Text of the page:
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Do Let That Calorie Fool You, It Is Essential For You to Live
Do you know what a calorie is? I’m sure you know that there are calories in food and junk food has more calories. But do you really understand what a calorie is and how it works in your body? I want you to understand how important it is to consume enough calories for your body to function properly and how you can calculate how many calories your body burns daily.
A calorie is energy and allows you to do things like digest food, pump blood, move your arms and breathe. In order to know how many calories we need to consume to lose fat, we first need to know how many calories we need to perform all of our bodily functions throughout the day (and night). This is known as your total daily energy expenditure (TDEE).
TDEE is the total amount of heat your body burns in 24 hours, including all your basic functions and activities. TDEE is also known as your “maintenance level” because this is the level where your calories or food you eat are “deposited” exactly equal to your calorie “withdrawal” or your daily activities and basic functions. Once you have your maintenance level, you will have a baseline from which to start your program.
There are 6 things that influence your daily calorie needs.
1 – Basal Metabolic Rate (BMR)
BMR is the total number of calories your body burns for normal bodily functions, including digestion, circulation, breathing, temperature regulation, cell building, and all of your body’s other metabolic processes.
2 – Level of activity
The more active you are, the more calories you burn.
3 – Weight
Your total body weight and total size are also important factors in the number of calories you need. The older you are, the more calories you need to move your body.
4 – Lean body mass (LBM)
Total body weight correlates with the number of calories you need, but separating your total weight into its lean and fat components allows you to calculate your caloric needs more accurately.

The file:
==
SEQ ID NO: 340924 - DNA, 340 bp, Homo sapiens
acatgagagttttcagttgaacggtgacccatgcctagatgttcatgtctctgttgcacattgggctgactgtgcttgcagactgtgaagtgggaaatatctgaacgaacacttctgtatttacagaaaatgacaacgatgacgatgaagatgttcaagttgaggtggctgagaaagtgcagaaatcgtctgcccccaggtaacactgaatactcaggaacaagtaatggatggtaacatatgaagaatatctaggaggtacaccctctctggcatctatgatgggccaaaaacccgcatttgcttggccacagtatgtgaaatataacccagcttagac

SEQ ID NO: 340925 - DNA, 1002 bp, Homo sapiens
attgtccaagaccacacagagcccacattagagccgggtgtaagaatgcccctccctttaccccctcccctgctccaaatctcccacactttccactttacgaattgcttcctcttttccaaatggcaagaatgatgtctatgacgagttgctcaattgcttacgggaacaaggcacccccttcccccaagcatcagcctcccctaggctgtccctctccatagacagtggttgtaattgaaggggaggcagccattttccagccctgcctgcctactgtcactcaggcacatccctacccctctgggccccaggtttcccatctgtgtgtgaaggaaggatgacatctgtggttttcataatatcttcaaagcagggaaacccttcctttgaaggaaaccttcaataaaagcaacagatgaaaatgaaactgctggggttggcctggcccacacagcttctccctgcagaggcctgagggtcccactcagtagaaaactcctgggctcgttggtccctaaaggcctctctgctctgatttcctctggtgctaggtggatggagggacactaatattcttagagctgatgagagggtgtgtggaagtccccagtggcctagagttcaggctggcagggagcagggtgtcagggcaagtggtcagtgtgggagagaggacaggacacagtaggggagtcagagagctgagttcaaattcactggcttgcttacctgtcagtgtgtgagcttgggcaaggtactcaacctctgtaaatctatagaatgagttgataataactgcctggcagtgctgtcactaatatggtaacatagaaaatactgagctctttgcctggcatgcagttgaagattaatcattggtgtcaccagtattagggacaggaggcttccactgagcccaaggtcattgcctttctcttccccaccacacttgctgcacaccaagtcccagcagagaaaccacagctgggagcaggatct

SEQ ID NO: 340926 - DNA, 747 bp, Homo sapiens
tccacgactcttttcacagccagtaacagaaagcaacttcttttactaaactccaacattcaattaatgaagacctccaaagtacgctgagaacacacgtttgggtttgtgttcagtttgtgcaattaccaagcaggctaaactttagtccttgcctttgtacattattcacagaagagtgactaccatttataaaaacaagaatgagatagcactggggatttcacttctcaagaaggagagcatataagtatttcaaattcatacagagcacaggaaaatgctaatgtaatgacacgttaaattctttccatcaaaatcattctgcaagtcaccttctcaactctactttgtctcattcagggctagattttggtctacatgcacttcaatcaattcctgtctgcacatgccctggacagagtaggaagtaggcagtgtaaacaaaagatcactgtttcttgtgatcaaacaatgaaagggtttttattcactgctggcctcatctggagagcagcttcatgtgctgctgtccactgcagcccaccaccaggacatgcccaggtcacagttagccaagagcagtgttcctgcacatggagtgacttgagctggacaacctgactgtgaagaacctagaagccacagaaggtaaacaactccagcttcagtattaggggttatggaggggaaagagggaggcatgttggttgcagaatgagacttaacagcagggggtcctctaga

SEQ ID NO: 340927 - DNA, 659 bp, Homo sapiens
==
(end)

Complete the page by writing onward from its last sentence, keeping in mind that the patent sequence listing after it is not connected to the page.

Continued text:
5 – Age
Metabolic rate tends to decrease with age.
6 – Gender
Men tend to require more calories than women.
Ok, there are 3 ways to determine your TDEE.
1 – The “fast” method.
Fat loss = 12 – 13 calories per pound of body weight
Maintenance (TDEE) = 15-16 calories per lb of body weight
Weight gain = 18 to 20+ calories per pound of body weight
I weigh 150.6 pounds.
Fat loss = 13 * 150.6 = 1957.8
Maintenance = 16 * 150.6 = 2409.6
Weight gain = 20 * 150.6 = 3012
2 – The Harris-Benedict formula
Men: BMR = 66 + (13.7 x weight in kg) + (5 x height in cm) – (6.8 x age in years)
Women: BMR = 655 + (9.6 x weight in kg) + (1.8 x height in cm) – (4.7 x age in years)
Note: 1 inch = 2.54 centimeters
1 kilogram = 2.2 pounds.
i am a woman
I am 29 years old.
I am 5’3″ tall (63″ = 160.02 cm)
Weight 68.45 kg (150.6 lb)
BMR = 655 + (9.6 x weight in kg) + (1.8 x height in cm) – (4.7 x age in years)
= 655 + (9.6 * 68.45) + (1.8 * 160.02) – (4.7 * 29)
= 655 + 657.16 + 288.036 – 116
Once you know your BMR, you can calculate TDEE by multiplying your BMR by the activity factor below.
Sedentary = BMR X 1.2 (little or no exercise, desk job)
Lightly active = BMR X 1.375 (light exercise/sports 1-3 days/week)
Mod. active = BMR X 1.55 (moderate exercise/sports 3-5 days/week)
Very active = BMR X 1.725 (hard exercise/sports 6-7 days/week)
Extra Active = BMR X 1.9 (hard daily exercise/sports and physical labor or 2-day training, marathon, soccer camp, competition, etc.)
I am slightly active:
TDEE = 1484.196 * 1.375 = 2040.77
3 – The Katch-McArdle formula
BMR (men and women) = 370 + (21.6 X lean mass in kg)
i am a woman
Weight 68.45 kg (150.6 lbs)
My body fat percentage is 33.5% (50.451 lbs fat, 100.149 lbs lean body mass)
My lean mass is 100.149 lbs (45.52 kg)
BMR = 370 + (21.6 * 45.52)
Again, multiply this by an activity factor.
TDEE = BMR * Activity Level
= 1353.28 * 1.375
Once you’ve calculated your TDEE, you can figure out how many calories you should be consuming to start shedding fat or building muscle, depending on what your goal is.
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